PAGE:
“It was probably local villagers believing in the “heresy” of Shiites. The problem is bigger than the Salafist trend. Their rhetoric did contribute to the rising anti-Shiite sentiments. But what did contribute more is the actions of Hezbollah and Iran in Syria, where the daily news coverage shows mass-murders committed by Shiite- and Alwaite-dominated militias and the Syrian refugees in Egyptian towns and villages telling their hosts their horrific experiences.,” said Ashour.
Living in fear
“Egyptian Shiites cannot possibly be seen as a threat to Egypt. They are as nationalistic as any other Egyptian. The main problem is with how they have been misrepresented over the years in religious media by members of extremist ideologies.
“At the same time, Egyptian Shiites have resorted to opening up relations with Iranians largely because they face discrimination in the employment sector in Egypt. The issue is economic, not political, and many Egyptian Shiites are secularists,” Beydoun added.
Although Articles 43 and 45 of the new constitution provides for freedom of belief and the practice of religious rights, Shiites have faced obstacles in practicing their faith in public or even in private Shiite Islamic centres or “Husainiyyas.”
“Since [former president] Hosni Mubarak, they have not have not been allowed their own places of worship. They usually congregate in homes or ‘secret’ places, denying them their right to religious expression,” said Beydoun.
In November 2012, Shiites were prevented by security forces from entering Cairo’s Al-Hussein mosque to commemorate Ashura, the occasion on which Shiite Muslims commemorate the killing of Hussein, the grandson of the Prophet Mohammed.
During the incident, Al-Azhar, Egypt’s highest Islamic authority issued a statement warning against staging any celebrations in the mosque, saying that Ashura would only be celebrated through fasting and praying, adding that Egypt and Sunnis refuse any form of “heresy that will only cause sectarian conflict.”
“Shiites do not feel safe in Egypt. They have been detained, arrested, expelled from school or threatened because of their faith,” Beydoun said.
Joining June 30 protests
Now, Anwar says Shiites in the country can take on a more oppositional role against the Mursi government.
“All of Egypt’s Shiites will now participate in the June 30 protests,” said Anwar, in reference to a nationwide campaign to stage anti-Mursi demonstrations at the end of the month, a date which marks the president’s first anniversary in power.
Earlier this month, Anwar had said in a statement that more than 100,000 Egyptian Shiites had signed up to the tamarod” (rebellion) petition, which is organizing the June 30 protests and calling for early presidential elections.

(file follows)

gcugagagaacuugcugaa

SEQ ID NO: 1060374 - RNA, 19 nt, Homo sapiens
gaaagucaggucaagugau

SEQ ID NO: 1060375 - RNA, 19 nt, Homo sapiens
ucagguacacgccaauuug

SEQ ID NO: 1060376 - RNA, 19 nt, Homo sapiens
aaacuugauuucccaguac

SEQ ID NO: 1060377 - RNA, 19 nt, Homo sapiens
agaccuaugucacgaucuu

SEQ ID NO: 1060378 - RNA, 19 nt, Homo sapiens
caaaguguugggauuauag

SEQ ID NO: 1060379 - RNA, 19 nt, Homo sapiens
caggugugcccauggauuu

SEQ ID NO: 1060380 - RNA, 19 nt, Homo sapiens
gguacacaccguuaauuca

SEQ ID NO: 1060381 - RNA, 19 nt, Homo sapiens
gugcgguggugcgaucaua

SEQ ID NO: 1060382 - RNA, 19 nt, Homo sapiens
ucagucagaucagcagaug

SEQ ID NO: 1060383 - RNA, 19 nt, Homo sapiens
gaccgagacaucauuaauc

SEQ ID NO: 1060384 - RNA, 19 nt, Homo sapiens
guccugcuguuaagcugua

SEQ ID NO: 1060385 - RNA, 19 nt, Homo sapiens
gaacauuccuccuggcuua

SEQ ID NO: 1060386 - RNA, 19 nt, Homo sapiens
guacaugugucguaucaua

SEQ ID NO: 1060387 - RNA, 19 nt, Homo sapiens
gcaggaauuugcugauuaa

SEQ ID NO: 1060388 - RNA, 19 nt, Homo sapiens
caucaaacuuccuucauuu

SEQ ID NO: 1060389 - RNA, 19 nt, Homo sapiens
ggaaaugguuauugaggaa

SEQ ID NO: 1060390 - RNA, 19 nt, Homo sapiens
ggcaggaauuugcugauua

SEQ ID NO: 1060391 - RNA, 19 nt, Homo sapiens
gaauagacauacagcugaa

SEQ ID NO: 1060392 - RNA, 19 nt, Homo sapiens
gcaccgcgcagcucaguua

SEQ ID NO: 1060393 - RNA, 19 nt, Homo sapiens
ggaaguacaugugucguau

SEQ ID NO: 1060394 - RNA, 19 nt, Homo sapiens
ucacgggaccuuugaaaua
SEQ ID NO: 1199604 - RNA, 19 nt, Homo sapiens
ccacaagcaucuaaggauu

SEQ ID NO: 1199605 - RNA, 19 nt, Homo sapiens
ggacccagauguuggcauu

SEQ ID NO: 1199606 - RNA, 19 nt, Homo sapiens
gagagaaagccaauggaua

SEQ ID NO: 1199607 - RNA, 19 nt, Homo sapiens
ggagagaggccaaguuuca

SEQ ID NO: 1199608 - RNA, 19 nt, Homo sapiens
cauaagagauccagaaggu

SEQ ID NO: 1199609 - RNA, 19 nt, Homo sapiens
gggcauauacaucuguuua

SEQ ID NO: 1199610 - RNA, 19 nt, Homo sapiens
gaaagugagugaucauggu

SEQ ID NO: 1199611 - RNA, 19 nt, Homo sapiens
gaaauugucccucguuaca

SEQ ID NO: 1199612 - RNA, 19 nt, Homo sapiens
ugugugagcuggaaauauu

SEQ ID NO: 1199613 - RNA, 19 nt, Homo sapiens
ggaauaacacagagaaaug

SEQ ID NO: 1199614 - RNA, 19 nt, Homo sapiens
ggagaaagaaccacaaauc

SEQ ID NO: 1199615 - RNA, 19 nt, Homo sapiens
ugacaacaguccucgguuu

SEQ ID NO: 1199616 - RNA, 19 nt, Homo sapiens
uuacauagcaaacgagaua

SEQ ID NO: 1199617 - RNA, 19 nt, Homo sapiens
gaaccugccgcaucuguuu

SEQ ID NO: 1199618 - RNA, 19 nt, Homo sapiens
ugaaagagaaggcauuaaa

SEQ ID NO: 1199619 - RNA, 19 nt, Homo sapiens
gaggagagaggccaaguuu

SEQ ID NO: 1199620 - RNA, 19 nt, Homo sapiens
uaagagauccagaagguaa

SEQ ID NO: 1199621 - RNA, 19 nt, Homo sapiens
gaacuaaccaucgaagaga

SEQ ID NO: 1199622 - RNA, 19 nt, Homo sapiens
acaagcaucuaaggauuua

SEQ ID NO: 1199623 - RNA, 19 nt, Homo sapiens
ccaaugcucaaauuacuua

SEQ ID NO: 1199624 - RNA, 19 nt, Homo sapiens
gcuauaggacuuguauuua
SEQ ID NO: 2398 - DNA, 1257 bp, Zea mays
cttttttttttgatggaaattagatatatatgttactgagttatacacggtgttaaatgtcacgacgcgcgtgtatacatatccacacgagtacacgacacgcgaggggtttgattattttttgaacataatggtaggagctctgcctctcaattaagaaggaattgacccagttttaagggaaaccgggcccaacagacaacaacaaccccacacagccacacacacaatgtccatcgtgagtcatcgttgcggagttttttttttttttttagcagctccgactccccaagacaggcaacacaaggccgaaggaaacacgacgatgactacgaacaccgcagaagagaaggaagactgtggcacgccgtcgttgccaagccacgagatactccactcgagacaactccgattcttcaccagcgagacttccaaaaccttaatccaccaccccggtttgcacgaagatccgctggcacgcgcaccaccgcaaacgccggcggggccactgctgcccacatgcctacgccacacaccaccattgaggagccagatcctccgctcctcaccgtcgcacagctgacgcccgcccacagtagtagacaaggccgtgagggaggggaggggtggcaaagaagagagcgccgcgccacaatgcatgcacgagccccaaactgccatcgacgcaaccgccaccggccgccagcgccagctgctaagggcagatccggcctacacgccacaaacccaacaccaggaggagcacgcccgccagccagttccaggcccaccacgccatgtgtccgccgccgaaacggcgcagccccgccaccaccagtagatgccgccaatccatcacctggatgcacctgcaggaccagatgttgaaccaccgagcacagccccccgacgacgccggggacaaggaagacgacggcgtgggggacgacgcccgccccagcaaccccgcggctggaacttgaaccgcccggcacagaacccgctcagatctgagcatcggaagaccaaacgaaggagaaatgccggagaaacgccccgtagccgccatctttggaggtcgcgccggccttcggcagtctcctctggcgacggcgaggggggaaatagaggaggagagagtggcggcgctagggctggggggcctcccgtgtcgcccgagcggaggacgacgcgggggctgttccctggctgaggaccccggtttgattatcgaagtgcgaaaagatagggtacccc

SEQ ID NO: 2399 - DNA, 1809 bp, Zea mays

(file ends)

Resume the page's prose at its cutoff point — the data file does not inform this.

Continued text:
“Supporting the Tamarod campaign put the Shiites clearly in the anti-Morsi camp, and this is a politicized position that is costing the Egyptian Shiites a lot in this ongoing battle between Islamists and non-Islamists,” Beydoun said.
“Everyone is politicized now in Egypt and the Shiites as persecuted minority in the country, are not an exception,” said Ashour.
In a statement on Monday, the president’s office said in response to the mob killings that “the state will not be lenient with anyone who tampers with Egypt’s security or the unity of its people,” according to the state news agency.
Prime Minister Hisham Qandil also condemned the incident as contradicting all “religious doctrines.”
Religious scholars and independent activists have also spoken out.
“Whatever our differences with the Shiites… what took place in the village of Abu al-Nimras is a heinous crime,” Yemeni scholar Habib ‘Ali al-Jifri, who appears in primetime Islamic Egypt-based TV programs, wrote in a Facebok post on Sunday night.
“It’s an expected result of the wrong mobilization … [The attack] is also an extreme abuse of the Sunni teachings,” Jifri added.
Meanwhile, Egyptians against Religious Discrimination, an independent group fighting religious sectarianism in Egypt, denounced what it described as a series of sectarian crimes under the Muslim Brotherhood’s rule.
Mursi’s rule “opened the door for sectarian strife between Egyptians,” claimed the statement, according to Egyptian news site Ahram Online.
On Monday evening, it was reported that Giza prosecutors ordered the arrest of 15 people implicated in the Shiite killings. While on Tuesday, security forces arrested eight people in connection with the killings.
“Security efforts have been increased to find the rest of the perpetrators after they fled their homes,” a security official told the national MENA news agency.
But whether or not the arrests can stem sectarian anxieties, it appears the rift between Islamists and non-Islamists may linger against a backdrop of political angst and an overshadowing narrative of hate.
The anti-Shiite Salafist rhetoric in recent months “did not help,” said Ashour, “it added fuel to the fire of stereotyping and acting out collective punishment.”